Friday, January 27, 2006


In perpetrating the Watergate affair, Richard Nixon inadvertently performed his greatest service to his country. Thanks to Nixon, the people received an invaluable education concerning their constitutional rights, the criminal justice system, the importance of a free press, and the hypocrisy of many of their leaders. During the Nixon Administration, Congress began to reassert its authority after a long period of dormancy, and the dangerous growth in presidential power was at last arrested. At the very end of his Presidency; Nixon fulfilled his promise to unite the country as never before - with Americans of every political persuasion joining forces to demand his impeachment or resignation.

It is hard to decide which is more amazing in Nixon's handling of Watergate - the President's immorality or his incompetence. Nixon will not only be remembered as the greatest liar in American history, he may also be remembered as the most inept administrator. The antics of Nixon and his palace guard would be simply laughable except that they came so close to achieving their objectives. His efforts to subvert the rights of citizens, spy on his opponents, smear his "enemies," intimidate the press, defy the courts, diminish Congress, and manipulate the FBI, CIA, and IRS all proved - at least partially - temporarily sucessful. As historian Henry Steele Commager put it: "Other things being equal, we haven't had a bad President before now. Mr. Nixon is the 1st dangerous and wicked President."

4 The People's Almanac, David Wallechinsky and Irving Wallace; page 327; published 1974

As Peter Viereck suggested, fascism, if it ever came to America, might take the form of transtolerant nativism, with patriots of all races and religions joining together in attacking the designated hate objects of the regime: intellectuals, homosexuals, political heretics. The racial and theological elements of the new white nativism would be played down, in favor of a transethnic and possibly transracial Americanism defined by narrow political, moral and aesthetic conformity. [...]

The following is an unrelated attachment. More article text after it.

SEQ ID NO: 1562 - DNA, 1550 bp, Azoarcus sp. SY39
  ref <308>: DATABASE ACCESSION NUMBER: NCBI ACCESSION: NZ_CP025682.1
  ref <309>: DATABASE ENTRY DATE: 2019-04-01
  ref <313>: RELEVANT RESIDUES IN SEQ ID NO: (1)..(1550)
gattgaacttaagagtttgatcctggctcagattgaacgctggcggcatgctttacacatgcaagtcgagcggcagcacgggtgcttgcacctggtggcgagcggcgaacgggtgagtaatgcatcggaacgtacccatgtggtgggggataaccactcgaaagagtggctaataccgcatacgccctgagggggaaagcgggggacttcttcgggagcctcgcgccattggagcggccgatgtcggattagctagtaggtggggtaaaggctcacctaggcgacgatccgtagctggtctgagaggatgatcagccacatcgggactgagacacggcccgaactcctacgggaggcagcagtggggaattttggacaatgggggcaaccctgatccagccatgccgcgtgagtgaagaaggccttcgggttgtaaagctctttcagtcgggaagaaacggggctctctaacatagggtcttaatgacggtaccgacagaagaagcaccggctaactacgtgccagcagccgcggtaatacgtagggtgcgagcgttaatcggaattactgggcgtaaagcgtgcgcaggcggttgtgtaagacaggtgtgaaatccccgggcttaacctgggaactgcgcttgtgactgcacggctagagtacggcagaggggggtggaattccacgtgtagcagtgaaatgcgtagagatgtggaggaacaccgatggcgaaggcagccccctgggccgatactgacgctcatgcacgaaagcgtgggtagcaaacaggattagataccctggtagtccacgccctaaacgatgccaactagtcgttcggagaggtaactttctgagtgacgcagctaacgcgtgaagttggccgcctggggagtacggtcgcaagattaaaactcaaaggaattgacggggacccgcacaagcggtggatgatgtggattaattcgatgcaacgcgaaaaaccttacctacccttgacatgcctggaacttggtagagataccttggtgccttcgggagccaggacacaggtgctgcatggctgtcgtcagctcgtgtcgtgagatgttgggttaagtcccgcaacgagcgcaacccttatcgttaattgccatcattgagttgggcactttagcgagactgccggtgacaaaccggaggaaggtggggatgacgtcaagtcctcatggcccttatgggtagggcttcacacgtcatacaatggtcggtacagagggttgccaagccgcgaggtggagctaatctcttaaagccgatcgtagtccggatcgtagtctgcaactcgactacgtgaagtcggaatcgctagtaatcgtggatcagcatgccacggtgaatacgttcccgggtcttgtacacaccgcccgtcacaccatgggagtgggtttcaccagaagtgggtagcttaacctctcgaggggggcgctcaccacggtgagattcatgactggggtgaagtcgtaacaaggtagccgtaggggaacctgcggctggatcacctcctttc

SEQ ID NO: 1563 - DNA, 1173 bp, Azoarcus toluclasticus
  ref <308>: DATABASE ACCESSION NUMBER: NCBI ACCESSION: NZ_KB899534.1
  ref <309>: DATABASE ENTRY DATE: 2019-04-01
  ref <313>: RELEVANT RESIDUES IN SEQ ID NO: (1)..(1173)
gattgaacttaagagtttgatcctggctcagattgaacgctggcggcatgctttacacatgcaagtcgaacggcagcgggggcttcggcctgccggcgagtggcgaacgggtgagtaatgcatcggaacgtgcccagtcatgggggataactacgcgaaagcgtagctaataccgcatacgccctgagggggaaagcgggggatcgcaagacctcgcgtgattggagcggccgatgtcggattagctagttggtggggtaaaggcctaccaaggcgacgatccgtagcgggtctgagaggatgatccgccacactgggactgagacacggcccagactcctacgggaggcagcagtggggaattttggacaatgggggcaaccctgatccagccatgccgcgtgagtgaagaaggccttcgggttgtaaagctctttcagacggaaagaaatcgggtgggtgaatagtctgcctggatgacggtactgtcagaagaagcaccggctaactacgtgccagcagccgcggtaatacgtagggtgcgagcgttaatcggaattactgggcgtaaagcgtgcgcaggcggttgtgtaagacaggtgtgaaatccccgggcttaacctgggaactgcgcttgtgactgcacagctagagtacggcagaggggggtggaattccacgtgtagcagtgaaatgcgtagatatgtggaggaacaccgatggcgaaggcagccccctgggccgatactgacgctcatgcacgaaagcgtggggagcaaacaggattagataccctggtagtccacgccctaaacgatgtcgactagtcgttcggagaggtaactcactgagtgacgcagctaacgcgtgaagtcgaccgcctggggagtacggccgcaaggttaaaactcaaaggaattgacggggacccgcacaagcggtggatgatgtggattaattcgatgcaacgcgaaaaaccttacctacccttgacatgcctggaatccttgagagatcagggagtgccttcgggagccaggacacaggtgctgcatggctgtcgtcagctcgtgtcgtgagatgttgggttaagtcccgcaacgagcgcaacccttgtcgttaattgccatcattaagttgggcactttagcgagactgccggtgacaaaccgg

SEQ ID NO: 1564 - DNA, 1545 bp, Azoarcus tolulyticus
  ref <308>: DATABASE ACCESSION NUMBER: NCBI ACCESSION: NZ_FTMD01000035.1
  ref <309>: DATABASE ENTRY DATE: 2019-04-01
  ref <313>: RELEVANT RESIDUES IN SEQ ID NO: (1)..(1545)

An American dictatorship would clothe itself in constitutional and legal forms; it would cultivate an aura of non-partisan technocracy and business expertise, not a feverish cult of the genius-leader and the masses. An American Fuehrer would not rant and strut, but crack jokes and adopt the relaxed, ironic, "cool" style of a television host.

4 The Next American Nation, by Michael Lind; page 251; published by The Free Press 1995

House of Bu$h:
In addition to rewarding old loyalists, dynasties are known - the Stuarts and their retainers somewhat, the Bourbons and their retainers more stereotypically - for forgetting no slight and savoring revenge. [...]


Indeed, the Machiavellian Bush role in the eliminations of Speaker Gingrich and Senator Lott - both replaced with easygoing, collaborative successors - underscored yet another frequent restoration policy: to rebuild executive (royal) perogative and influence at the expense of the legislative branch. Well indexed in both Stuart and Bourbon histories, perogative expresses itself less as a definable program than as a presumption of entitlement, a hallmark of successful reassertion. New assumptions of authority in war making and secrecy and a bent for unilateralism have been to the George W. Bush dynastic presidency what executive privilege and impoundment were to the imperial presidency portrayed by Arthur Schlesinger in 1974.